KEXP Suggests: Big Black’s Last Blast Video Screening 1/20

In 1987, influential industrial rock band Big Black chose Seattle as the site of their last performance. The Georgetown show, with special guests Jesse Bernstein and Roland Barker, became legendary. On Monday, January 20th, Scarecrow Video will host two screenings of the resulting concert film, Big Black’s Last Blast.

It’s not only a document of this band’s final performance, but also a snapshot of Seattle’s music scene in the late ’80s. The three-camera concert video was directed by local artist Debra Geissel. (The on-stage camera was operated by her then-husband and current Cafe Racer proprietor Kurt Geissel.) The sound was engineered by John Nelson and mixed in Chicago by Steve Albini. Russ and Janet Battaglia of Fallout Records served as executive producers, and Monday’s screening will be presented by the film’s producers, Susie Purves and Larry Reid.

We chatted with Reid about the event came to be, and he explained, “Steve Albini contacted me in 1987 and asked me to produce Big Black’s final show. The abandoned Georgetown Steamplant with its antiquated industrial aesthetic provided the perfect venue — ironically, this steam powered electrical generating plant was then totally without electrical service, so we had to employ portable generators for power.”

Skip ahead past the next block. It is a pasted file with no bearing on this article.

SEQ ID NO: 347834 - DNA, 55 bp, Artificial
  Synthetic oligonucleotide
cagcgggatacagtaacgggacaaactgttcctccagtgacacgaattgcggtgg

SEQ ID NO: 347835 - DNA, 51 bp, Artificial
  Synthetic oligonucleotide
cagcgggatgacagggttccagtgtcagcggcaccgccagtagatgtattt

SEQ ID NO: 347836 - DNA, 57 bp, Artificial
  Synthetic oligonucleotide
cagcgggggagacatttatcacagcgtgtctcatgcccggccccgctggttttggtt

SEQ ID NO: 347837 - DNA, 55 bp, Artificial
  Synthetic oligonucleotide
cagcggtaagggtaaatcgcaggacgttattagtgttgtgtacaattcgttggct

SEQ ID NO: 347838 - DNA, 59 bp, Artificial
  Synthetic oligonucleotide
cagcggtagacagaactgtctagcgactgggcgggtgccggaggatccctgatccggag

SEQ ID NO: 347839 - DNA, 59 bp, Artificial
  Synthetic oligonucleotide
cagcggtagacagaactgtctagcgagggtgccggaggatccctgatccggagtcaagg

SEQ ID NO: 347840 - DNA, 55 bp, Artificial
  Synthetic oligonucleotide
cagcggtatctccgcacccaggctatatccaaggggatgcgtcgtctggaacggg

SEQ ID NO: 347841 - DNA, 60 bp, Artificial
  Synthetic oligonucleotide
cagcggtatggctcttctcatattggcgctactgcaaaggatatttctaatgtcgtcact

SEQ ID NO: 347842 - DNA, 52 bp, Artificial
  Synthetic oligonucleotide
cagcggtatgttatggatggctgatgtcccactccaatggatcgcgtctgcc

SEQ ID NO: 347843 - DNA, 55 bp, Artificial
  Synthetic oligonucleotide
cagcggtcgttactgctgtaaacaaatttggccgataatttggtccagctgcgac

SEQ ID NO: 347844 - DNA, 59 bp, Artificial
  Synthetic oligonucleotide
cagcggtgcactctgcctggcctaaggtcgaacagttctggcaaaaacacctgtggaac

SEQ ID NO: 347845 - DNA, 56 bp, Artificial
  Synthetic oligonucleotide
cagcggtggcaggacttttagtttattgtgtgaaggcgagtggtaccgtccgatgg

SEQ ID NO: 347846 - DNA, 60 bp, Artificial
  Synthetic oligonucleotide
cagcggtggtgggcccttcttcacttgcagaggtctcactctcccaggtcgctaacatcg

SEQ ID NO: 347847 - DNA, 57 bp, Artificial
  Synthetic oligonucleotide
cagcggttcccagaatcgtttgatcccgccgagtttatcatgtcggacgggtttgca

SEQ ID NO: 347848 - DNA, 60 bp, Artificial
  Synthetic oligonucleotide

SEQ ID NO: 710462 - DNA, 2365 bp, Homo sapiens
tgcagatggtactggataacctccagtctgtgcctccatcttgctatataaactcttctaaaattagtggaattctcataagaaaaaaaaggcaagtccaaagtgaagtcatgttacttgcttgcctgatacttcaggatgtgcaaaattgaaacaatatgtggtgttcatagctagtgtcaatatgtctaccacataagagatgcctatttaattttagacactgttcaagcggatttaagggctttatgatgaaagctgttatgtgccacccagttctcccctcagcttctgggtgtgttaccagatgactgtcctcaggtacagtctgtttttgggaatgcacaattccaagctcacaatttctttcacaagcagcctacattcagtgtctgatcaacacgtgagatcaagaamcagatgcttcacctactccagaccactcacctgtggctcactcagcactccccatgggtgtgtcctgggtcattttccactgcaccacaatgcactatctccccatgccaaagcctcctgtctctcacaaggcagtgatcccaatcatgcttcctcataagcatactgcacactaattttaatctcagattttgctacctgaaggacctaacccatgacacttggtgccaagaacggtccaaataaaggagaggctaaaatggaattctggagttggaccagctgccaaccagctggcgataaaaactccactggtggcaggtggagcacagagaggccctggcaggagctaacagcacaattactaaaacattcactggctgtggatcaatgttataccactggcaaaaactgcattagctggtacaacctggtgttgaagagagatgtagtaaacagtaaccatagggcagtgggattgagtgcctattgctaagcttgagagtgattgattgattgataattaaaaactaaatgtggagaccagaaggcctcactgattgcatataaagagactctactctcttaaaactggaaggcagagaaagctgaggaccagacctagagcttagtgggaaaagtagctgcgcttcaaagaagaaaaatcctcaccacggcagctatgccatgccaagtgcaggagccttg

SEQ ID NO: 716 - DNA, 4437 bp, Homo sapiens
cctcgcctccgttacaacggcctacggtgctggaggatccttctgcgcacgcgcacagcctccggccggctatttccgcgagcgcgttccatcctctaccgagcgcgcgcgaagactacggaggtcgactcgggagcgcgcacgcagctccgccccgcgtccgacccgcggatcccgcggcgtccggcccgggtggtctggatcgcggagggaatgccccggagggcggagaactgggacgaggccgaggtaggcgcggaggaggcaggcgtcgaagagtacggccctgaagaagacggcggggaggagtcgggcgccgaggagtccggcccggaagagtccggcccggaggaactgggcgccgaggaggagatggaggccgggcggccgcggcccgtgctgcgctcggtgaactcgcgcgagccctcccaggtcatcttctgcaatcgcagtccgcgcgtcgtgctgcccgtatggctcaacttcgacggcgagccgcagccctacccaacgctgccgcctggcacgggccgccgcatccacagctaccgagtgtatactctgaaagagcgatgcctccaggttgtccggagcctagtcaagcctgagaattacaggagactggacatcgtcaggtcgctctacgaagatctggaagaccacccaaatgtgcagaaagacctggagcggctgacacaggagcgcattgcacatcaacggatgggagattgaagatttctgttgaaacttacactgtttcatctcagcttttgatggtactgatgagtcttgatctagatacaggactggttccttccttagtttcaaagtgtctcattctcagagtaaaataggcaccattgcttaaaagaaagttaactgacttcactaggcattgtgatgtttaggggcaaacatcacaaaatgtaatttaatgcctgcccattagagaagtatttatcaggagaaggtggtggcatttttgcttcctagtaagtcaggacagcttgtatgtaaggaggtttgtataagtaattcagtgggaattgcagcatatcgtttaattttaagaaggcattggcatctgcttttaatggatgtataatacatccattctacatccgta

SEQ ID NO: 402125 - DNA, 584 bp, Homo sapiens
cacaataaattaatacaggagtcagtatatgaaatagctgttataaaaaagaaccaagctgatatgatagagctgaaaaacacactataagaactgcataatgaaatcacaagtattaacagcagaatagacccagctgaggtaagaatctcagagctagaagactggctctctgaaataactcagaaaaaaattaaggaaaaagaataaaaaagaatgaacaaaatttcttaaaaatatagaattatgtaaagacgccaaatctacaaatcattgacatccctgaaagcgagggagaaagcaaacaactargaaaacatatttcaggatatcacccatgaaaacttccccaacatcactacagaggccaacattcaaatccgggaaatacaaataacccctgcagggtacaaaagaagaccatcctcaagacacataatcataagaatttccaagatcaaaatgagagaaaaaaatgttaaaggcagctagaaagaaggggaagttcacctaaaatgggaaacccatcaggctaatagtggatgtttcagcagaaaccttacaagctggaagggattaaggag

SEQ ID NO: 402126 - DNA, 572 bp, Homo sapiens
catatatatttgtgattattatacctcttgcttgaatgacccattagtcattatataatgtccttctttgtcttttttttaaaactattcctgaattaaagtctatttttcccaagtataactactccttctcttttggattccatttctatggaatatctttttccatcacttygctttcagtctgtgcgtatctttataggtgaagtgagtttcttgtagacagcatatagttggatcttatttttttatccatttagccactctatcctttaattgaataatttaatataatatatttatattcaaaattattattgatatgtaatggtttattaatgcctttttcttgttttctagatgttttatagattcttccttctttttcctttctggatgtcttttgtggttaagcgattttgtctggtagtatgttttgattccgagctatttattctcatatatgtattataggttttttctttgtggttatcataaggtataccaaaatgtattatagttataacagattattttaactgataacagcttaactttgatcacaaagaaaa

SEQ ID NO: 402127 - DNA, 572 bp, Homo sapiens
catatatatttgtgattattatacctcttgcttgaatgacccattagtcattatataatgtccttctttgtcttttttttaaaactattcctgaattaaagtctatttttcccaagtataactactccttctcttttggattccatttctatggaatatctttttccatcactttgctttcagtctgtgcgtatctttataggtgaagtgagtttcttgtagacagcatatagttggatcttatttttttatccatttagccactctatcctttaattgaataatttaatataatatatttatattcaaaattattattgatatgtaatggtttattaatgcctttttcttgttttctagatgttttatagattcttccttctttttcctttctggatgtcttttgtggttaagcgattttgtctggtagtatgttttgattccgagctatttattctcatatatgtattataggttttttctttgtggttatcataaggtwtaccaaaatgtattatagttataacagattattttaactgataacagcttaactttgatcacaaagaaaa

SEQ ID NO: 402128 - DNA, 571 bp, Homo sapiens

“It was customary for Big Black to conclude their shows in a shower of noise, smoke, and sparks by igniting a string of firecrackers on stage. About a month in advance of the August 7 event, I was buying fireworks at a reservation for the 4th of July when it occurred to me to procure firecrackers for the show. I appropriated the label on the brick of 4,000 Black Cat firecrackers for the memorable poster.”

“The show opened with ex-Blackout Roland Barker and friends creating an industrial soundtrack up in the catwalks of the enormous facility. Georgetown’s resident-poet Jesse Bernstein performed a provocative and wildly entertaining reading, then Big Black let loose with a ferocious set of their greatest hits, ending with a cacophonous finale of smashed instruments and explosives.”

“The audience included the artists and personalities that would soon create the cultural phenomenon known as grunge. (Kim Thayil took tickets at the door, Mark Arm is visible in the front row, and Bruce Pavitt was on stage.) In hindsight, this show marked a metaphorical passing-of-the-torch to Seattle as the center of the country’s counterculture.”

Scarecrow Video will host two screenings of Big Black’s Last Blast, at 7:00 and 8:30 PM. A small display of artifacts from the show will be featured, including the neck of Albini’s smashed guitar. The event is free, with a no-host bar, and is open to all 21 and over. Find out more information here and watch a preview clip here:

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